I backtracked and kept going north on the Continental Divide. After Birthday Peak (which was easy), the terrain gets a little more serious, and a few Class 3 sections are encountered. I noted that the rock wasn't altogether very trustworthy. Choss alert! This was slightly unexpected I guess, and I had to make sure to be a little careful about things, but still I enjoyed myself.


Then I got to the meat of the day while staring down the ridge that eventually lead to Mt. Harvard. If you look at this ridge from Horn Fork Basin, it does actually look doable, albeit somewhat steep and pointy. And that's fine, I've been on plenty of steep and pointy things. But what I wasn't anticipating was just how loose and chossy things were about to be.


This wasn't my first go-around in the Sawatch. I've done Ice Mountain before - and I had been under the impression that that was as bad as it got in the Sawatch. 14ers.com's own HeadSizedBurrito and I also reconnoitered the ridgeline from Mt. Huron to Ice Mountain earlier in the year (as HSB also wanted to do this ridge traverse!), and although there were certainly cruxes, it seemed fairly reasonable. I though the Northeast Ridge of North Apostle was quite a hidden classic. I've also done the Mt. Hope - La Plata ridge traverse (didn't know that was a thing, didja?!) which although a challenge route-finding wise, certainly was doable. I've done the east ridge of Missouri at least three times and I may of even said that I found it, "enjoyable".


A pretty serious tower on La Plata's curving south ridge



Nothing, nothing compared to what I found off of Harvard's southwest ridge.


The ridge to Mt. Harvard

Perhaps the main problem with the ridge is everything is in a state of almost toppling over, so nothing can be trusted. You reach out for a handhold, and it breaks off in your hand. You take a step, and the ground shifts below you. Bad sensations. I didn't get all that far at all! I bailed after climbing up the first tower - which wasn't hard, but was still not all that easy in a sense, 'cause I wasn't sure the handholds I used to get up would be there to get down. On the summit of my little pinnacle, I found a very worrisome sight: a rap anchor made out of old nylon tat and two nonlocking carabiners - all setup on a small, detached block. So, somebody was up here, but boy could it have been quite a few years ago. Not having a rope of my own, I declined using the rap anchor for anything - the tower itself didn't look like something you could downclimb.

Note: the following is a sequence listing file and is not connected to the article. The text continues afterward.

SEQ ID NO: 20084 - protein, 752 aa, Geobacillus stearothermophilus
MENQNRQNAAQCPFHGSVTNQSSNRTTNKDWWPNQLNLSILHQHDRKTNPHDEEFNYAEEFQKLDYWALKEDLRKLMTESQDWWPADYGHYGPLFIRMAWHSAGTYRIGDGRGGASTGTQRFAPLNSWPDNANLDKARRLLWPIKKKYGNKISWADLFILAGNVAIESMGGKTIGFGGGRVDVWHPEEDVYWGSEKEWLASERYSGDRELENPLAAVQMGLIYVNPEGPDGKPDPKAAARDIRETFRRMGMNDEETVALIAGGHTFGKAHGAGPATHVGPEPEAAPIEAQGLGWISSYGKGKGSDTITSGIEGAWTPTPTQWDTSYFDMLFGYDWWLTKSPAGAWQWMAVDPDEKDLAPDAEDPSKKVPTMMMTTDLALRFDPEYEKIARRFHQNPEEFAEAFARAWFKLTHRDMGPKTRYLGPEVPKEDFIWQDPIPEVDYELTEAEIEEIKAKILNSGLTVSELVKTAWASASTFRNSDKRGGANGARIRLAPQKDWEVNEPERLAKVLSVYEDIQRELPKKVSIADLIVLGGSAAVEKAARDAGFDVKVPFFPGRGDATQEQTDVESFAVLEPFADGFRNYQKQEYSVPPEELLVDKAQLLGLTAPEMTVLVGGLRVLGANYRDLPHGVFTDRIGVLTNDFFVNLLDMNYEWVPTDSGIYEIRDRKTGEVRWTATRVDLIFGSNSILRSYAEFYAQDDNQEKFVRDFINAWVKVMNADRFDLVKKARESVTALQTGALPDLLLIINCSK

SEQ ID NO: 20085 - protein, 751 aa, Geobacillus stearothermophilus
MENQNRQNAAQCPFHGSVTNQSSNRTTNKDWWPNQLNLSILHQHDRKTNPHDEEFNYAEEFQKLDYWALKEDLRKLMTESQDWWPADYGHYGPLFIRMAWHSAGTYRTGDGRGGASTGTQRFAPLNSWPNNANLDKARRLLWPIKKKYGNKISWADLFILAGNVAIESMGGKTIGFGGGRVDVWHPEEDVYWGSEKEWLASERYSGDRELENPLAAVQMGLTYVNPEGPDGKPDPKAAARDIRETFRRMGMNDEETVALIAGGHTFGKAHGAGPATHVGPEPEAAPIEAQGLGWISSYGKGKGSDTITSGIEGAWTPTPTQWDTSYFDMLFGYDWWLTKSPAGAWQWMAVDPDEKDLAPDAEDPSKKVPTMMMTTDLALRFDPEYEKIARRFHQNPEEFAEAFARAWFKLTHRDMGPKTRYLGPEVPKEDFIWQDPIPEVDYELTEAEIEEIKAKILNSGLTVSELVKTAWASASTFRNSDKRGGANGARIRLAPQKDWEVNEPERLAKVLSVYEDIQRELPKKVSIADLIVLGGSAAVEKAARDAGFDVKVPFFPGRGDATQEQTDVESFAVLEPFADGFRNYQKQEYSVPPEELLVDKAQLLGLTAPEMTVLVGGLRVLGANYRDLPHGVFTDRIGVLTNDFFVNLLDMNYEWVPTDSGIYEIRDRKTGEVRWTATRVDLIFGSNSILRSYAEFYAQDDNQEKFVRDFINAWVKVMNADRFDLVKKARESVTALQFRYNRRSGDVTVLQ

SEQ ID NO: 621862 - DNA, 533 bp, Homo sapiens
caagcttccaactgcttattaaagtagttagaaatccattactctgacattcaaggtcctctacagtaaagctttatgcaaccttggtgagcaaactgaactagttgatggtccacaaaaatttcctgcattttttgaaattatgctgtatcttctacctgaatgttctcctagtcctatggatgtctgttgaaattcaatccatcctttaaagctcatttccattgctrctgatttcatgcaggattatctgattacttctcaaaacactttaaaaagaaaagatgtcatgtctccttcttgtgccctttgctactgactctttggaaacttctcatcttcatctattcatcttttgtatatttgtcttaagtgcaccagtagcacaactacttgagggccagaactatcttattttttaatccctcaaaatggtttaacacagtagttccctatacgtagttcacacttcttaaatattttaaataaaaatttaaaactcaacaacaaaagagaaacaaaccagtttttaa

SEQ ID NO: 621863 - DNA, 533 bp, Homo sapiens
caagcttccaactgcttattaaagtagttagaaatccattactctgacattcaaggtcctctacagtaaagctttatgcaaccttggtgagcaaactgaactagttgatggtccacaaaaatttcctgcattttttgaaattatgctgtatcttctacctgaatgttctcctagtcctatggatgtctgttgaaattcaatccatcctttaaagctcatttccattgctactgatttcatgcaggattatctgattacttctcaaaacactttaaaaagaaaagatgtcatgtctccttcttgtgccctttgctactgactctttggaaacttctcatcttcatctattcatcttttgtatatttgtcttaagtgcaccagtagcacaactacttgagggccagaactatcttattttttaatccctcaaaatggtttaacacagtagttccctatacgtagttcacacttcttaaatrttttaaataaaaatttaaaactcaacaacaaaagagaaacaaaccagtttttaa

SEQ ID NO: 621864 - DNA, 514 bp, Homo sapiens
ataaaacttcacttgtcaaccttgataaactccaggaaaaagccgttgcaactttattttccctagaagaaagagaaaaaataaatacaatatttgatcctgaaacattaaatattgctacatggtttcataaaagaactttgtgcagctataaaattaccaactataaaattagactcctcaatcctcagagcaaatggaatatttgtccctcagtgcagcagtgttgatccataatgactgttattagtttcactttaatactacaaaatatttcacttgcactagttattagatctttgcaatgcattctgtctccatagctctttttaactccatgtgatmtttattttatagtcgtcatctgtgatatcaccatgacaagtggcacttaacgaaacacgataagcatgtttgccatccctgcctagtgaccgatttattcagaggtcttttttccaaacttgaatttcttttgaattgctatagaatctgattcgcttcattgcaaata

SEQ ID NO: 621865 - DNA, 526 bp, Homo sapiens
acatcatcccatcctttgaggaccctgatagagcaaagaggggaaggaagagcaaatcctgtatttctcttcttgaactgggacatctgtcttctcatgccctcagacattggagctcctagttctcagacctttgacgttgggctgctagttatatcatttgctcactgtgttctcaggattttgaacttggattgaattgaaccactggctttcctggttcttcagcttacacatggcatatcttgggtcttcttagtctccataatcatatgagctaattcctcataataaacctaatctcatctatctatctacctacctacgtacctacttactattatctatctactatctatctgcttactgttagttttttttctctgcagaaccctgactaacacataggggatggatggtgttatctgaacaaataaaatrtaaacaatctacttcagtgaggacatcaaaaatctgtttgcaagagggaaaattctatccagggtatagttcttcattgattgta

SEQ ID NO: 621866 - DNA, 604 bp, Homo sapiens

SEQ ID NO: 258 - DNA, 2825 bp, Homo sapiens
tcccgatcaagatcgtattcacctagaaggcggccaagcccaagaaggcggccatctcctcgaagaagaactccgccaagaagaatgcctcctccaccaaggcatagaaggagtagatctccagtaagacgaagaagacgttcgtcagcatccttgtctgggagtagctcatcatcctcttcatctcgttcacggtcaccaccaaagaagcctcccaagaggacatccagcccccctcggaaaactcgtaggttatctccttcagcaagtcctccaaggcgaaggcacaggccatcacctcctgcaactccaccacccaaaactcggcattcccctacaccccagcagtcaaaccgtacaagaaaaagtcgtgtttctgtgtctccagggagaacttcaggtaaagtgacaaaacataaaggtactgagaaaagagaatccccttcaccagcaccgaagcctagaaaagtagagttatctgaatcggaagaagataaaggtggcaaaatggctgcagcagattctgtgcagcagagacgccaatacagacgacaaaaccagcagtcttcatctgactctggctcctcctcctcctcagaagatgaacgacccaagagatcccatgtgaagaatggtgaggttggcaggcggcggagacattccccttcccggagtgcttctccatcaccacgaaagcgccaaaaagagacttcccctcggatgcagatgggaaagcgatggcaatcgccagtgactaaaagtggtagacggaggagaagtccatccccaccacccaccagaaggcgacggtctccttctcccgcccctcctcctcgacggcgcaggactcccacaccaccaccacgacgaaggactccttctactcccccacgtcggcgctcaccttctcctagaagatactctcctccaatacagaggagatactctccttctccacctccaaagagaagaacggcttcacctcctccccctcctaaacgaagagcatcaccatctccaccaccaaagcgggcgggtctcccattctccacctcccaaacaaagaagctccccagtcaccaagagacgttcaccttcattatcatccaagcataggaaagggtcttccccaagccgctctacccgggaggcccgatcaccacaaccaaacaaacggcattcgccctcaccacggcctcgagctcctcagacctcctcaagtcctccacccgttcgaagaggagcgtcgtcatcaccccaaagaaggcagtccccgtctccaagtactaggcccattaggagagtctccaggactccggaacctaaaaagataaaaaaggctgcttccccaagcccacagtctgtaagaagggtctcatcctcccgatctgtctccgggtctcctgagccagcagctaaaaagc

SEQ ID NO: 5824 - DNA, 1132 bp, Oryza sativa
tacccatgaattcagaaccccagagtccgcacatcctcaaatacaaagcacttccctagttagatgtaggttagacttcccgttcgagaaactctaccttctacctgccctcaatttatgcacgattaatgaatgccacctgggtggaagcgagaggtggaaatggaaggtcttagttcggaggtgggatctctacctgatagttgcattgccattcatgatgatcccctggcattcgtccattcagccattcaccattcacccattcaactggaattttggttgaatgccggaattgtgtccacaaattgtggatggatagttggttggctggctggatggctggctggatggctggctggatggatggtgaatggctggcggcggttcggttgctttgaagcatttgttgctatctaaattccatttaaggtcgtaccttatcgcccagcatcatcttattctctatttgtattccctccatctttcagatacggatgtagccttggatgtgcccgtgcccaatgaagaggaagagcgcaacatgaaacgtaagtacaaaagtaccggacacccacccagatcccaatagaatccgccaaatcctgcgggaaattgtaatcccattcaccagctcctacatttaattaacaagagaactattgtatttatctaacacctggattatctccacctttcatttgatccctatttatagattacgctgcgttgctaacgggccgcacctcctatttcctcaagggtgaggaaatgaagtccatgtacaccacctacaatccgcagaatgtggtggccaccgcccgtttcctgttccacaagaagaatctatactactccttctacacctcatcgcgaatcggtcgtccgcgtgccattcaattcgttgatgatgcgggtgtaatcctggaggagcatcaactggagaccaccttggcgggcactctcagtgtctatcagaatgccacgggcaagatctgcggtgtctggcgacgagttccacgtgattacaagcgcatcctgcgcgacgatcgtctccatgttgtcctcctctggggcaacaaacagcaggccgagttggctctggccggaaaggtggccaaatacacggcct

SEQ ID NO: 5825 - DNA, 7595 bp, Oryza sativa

I hemmed and hawed a little bit - sometimes it's nice to give yourself a second chance - was it just nerves? I've done many a trailrunning-shoe alpine solo by bouldering out a tough section until I had the confidence to just go for the whole thing. Traversing the ridge from Columbia to Harvard took a few minutes to totally commit to the perfect hand jam crack, even though I couldn't foot jam with the kicks I had! But I got through the thing just fine. I just couldn't come up with a great way to get through what I saw in front of me.


So I bailed down a talus field/rock glacier all the way to Horn Fork Basin. Even that talus field was unnerving - what is up with this area? The ridgeline even here looked impenetrable even if you were to drop down - it's quite a sight - and really only one I'd marvel in passing after finished up Harvard/Columbia.